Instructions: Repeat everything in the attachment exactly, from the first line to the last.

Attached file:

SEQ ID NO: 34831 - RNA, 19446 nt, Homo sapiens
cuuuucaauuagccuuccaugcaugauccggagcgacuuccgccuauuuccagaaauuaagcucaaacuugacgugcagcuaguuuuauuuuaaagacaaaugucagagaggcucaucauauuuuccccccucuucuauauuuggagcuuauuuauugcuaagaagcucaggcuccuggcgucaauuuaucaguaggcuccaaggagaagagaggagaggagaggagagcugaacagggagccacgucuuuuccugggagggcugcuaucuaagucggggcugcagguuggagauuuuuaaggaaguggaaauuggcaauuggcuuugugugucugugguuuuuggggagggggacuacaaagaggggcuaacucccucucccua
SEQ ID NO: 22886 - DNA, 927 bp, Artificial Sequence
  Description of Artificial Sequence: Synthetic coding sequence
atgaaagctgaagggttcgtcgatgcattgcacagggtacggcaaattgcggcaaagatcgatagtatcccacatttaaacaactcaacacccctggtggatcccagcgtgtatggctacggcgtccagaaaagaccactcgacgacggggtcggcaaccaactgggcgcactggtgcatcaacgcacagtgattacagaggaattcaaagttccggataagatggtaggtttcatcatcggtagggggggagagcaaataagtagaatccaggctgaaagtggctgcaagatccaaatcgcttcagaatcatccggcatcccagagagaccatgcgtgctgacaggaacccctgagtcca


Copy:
SEQ ID NO: 34831 - RNA, 19446 nt, Homo sapiens
cuuuucaauuagccuuccaugcaugauccggagcgacuuccgccuauuuccagaaauuaagcucaaacuugacgugcagcuaguuuuauuuuaaagacaaaugucagagaggcucaucauauuuuccccccucuucuauauuuggagcuuauuuauugcuaagaagcucaggcuccuggcgucaauuuaucaguaggcuccaaggagaagagaggagaggagaggagagcugaacagggagccacgucuuuuccugggagggcugcuaucuaagucggggcugcagguuggagauuuuuaaggaaguggaaauuggcaauuggcuuugugugucugugguuuuuggggagggggacuacaaagaggggcuaacucccucucccua
SEQ ID NO: 22886 - DNA, 927 bp, Artificial Sequence
  Description of Artificial Sequence: Synthetic coding sequence
atgaaagctgaagggttcgtcgatgcattgcacagggtacggcaaattgcggcaaagatcgatagtatcccacatttaaacaactcaacacccctggtggatcccagcgtgtatggctacggcgtccagaaaagaccactcgacgacggggtcggcaaccaactgggcgcactggtgcatcaacgcacagtgattacagaggaattcaaagttccggataagatggtaggtttcatcatcggtagggggggagagcaaataagtagaatccaggctgaaagtggctgcaagatccaaatcgcttcagaatcatccggcatcccagagagaccatgcgtgctgacaggaacccctgagtcca